There are days when I have been tired or overwhelmed with other tasks…and maybe that lecture wasn’t really clicking…and then I would see that light of understanding or excitement in a student’s eyes, or I would get that note of encouragement taped to my door. These buoyed me up and fueled my desire to do better next time…for the students.
So I have been lucky that students have encouraged me when I needed it. Often these notes would start “I know this probably doesn’t mean much to you, but I really appreciated…” But it did mean a great deal to me. So to the students out there, please let your current instructors know when they do something you appreciate. It will mean the world to them.
What has been the most effective teaching innovation you use or have seen someone else use?
There are some really awesome instructors on campus that I have learned so much from. Billy Strean’s use of humour is incredible. Vincent Bouchard’s flipped classrooms in math and Sheree Kwong See’s blended class in psychology have opened eyes across campus of what can be done. I have learned bits and pieces from each of them which has made my classroom better. But the two innovations I would consider my own are Spamming and University 101.
My office hours were chronically underutilized. Many students would e-mail me (which I appreciated), but then only the e-mailer learned the answer to what was probably a common question. So now if a student e-mails me, I strip all identifiers from the question, and then use eClass Announcements to send the question and my answer to all of the students in the class. I average about one quester per student in the class during the term. So in a class of 400 students, you see why I refer to it as spamming. Sometimes the question is difficult to answer by e-mail. These are a great focus for the review at the beginning of the next lecture.
Learning is about much more than the classroom. The UofA has done a tremendous job of developing resources that take learning well beyond the classroom. But far too few of our students know about these opportunities. So at the beginning of each class I do what I refer to as University 101. I talk briefly about upcoming URI seminars, Career Centre workshops, or Nobel Prize calibre speakers such as Art McDonald. Also, our department has recently introduced CHEM 300, which brings recent chemistry alumni from local industry to talk about their career and jobs. (All of the companies mentioned above have participated in these seminars.) The CHEM 300 seminars and tours are open to all students, and have led to companies doing recruitment interviews on campus.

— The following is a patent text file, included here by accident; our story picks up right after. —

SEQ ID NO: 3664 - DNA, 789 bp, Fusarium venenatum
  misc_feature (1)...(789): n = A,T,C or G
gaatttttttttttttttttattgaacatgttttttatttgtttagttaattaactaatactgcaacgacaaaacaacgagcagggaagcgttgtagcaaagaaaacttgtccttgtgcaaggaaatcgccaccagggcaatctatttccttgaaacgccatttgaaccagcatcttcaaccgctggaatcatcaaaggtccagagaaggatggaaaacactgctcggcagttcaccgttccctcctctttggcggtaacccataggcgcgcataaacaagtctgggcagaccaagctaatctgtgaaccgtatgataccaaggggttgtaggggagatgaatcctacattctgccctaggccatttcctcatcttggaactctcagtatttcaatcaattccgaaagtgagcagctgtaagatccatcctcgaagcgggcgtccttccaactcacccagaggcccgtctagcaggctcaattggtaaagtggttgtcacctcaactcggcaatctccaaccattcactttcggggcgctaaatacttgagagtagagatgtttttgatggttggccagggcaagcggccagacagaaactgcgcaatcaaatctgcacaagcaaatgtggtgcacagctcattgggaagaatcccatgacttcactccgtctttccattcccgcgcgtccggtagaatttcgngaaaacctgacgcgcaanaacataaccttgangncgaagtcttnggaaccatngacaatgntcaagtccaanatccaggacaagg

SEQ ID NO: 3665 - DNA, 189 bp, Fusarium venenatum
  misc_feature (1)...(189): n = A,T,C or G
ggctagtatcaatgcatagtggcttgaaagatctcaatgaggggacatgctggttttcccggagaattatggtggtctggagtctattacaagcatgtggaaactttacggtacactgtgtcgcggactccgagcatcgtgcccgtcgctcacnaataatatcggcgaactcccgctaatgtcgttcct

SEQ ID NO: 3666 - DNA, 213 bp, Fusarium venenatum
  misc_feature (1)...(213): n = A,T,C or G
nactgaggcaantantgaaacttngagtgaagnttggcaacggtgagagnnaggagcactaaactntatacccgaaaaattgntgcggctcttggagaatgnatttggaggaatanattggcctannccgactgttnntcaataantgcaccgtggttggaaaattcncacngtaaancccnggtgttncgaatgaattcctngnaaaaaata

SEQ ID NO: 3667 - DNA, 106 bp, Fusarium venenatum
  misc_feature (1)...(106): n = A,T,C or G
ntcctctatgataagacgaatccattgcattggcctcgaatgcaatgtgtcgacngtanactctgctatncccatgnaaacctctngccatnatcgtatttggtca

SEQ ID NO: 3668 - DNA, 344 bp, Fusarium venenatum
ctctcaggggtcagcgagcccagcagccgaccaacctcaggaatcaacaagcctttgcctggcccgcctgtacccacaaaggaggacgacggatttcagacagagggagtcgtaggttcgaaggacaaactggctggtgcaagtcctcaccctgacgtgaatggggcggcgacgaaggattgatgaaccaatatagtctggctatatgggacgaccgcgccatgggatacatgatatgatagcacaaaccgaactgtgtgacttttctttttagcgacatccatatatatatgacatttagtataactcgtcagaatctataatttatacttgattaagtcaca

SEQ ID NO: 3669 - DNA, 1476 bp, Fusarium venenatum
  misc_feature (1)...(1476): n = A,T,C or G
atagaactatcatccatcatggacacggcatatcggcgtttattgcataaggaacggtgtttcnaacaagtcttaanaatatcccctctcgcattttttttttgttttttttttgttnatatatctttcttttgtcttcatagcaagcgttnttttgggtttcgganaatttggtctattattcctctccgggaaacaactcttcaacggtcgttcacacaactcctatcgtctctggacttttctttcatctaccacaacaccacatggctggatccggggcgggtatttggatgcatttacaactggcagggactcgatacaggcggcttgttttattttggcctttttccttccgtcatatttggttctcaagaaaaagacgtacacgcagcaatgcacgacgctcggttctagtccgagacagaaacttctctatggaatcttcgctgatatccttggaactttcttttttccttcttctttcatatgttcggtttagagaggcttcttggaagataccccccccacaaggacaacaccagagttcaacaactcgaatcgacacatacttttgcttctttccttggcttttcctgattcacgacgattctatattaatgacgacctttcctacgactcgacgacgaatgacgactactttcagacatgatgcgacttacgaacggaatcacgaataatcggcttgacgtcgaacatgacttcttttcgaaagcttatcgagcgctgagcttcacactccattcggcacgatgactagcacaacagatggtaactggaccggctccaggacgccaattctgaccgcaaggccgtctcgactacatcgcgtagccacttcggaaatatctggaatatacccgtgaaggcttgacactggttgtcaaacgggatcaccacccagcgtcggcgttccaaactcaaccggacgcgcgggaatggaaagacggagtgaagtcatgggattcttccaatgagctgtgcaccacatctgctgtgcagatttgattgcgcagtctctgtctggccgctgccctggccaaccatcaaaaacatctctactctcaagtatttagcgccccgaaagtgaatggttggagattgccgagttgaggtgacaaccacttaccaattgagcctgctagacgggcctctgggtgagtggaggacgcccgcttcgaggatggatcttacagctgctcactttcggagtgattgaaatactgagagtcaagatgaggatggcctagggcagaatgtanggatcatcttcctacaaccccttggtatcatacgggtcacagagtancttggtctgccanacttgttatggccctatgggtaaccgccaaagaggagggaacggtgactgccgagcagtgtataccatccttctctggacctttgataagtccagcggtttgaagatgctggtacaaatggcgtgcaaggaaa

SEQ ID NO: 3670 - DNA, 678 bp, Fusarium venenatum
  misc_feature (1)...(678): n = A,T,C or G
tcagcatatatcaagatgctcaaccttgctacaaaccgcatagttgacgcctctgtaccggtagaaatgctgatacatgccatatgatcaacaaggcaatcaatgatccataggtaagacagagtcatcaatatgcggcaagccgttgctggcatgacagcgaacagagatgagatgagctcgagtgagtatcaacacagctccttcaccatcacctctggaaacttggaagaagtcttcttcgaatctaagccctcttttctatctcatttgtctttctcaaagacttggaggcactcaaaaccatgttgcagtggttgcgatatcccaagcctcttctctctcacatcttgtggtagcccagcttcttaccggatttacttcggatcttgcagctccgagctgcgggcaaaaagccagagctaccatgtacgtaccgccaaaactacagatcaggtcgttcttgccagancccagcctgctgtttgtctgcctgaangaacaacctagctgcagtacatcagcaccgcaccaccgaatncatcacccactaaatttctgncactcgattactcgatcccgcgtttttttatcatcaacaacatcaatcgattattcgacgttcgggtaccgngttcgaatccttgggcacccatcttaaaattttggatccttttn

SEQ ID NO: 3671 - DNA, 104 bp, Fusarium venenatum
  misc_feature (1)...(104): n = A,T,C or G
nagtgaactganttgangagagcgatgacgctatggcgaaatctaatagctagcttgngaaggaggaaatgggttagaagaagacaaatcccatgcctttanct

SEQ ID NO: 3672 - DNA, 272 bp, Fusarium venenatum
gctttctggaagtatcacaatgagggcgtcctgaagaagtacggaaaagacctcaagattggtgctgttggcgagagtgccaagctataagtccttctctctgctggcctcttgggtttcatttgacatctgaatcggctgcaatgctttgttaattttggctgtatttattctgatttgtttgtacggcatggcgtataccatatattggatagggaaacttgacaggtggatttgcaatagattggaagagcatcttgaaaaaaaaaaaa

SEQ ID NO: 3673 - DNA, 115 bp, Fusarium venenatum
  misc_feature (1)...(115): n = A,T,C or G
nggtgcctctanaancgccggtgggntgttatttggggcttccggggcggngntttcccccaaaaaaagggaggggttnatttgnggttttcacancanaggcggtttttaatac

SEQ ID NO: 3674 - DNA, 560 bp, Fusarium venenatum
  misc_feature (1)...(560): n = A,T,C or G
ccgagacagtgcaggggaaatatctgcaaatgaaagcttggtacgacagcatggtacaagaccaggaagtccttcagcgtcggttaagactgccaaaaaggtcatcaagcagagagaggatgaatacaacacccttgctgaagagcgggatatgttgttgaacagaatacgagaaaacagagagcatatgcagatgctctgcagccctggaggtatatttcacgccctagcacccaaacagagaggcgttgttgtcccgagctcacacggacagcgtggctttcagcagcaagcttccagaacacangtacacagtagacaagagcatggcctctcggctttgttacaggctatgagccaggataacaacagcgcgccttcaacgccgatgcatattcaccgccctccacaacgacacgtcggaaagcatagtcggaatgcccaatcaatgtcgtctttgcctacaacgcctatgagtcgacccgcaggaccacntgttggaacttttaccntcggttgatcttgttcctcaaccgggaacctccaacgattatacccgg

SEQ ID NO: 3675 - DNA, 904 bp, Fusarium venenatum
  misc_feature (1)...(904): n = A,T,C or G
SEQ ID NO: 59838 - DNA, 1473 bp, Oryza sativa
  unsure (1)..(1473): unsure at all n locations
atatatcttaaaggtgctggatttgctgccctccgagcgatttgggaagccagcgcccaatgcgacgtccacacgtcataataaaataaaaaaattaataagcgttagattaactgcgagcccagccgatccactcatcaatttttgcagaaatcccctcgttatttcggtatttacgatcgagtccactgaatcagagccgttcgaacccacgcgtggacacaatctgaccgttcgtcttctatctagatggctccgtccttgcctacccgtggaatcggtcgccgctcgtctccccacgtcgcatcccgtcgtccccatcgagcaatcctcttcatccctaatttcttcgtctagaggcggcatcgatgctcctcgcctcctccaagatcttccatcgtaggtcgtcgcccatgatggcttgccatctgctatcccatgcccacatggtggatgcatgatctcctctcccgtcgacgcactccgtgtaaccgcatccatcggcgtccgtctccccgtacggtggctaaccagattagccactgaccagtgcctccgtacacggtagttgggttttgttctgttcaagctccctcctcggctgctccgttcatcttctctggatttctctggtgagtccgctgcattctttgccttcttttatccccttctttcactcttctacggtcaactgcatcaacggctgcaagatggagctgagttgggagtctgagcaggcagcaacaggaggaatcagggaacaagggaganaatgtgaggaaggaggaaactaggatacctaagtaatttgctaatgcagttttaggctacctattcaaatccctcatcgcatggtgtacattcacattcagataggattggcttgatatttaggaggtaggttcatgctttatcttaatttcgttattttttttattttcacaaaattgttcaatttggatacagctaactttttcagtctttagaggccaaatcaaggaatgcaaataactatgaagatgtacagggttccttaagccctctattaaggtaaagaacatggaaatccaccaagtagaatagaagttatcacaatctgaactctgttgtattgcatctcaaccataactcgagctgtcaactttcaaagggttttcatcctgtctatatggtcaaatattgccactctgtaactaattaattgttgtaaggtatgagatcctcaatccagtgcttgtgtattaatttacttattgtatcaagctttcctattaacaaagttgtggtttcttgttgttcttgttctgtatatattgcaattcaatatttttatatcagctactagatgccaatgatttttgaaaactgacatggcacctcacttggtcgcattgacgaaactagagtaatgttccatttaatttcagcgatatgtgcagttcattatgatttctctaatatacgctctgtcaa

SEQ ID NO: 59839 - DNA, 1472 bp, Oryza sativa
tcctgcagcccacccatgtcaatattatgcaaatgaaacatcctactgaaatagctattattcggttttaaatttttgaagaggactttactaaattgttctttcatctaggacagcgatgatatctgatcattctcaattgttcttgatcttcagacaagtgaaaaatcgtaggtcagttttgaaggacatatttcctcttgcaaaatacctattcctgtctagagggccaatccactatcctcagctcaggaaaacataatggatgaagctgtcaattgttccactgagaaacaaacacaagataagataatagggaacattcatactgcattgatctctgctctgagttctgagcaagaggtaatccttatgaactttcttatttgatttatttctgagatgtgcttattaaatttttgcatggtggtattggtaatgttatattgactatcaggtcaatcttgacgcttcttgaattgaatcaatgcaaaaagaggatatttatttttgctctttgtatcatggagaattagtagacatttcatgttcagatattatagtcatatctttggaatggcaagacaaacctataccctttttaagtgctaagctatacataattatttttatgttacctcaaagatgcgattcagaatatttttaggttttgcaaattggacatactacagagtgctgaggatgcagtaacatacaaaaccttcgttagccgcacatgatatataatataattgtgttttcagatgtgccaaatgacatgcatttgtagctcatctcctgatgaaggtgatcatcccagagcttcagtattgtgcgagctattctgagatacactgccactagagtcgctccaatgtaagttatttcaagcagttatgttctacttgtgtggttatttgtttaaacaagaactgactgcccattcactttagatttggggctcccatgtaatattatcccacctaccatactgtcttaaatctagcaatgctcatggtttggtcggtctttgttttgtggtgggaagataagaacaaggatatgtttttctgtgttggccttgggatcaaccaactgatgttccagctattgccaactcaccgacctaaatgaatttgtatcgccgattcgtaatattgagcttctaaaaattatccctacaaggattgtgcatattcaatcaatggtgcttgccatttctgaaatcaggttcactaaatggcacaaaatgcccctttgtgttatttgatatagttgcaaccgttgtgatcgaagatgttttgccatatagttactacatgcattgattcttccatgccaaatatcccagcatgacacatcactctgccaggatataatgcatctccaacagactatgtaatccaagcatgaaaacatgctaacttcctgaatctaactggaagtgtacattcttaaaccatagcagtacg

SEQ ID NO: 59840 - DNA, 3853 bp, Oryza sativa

What was your favourite learning experience as an undergrad, and how do you incorporate that experience into teaching your students?
I was able to incorporate both industrial experience and undergraduate research into my undergrad. The work experiences put the course content into perspective and opened my eyes to the career opportunities in chemistry. During an internship at Dow Chemicals in Fort Saskatchewan, I was introduced to the technique of chromatography way before I would have seen it in upper level chemistry courses. This technique became the focus of my research career.
What is one thing that people would be surprised to know about you?
I was a varsity athlete. Okay, it was 5-pin bowling, but I did represent the UofA back in the 1980’s. Back then the lower floor of SUB had both a bowling alley and a curling rink. I am still active in sports (soccer and basketball), but with more enthusiasm than skill - picture Rover chasing a ball, rather than Ronaldo.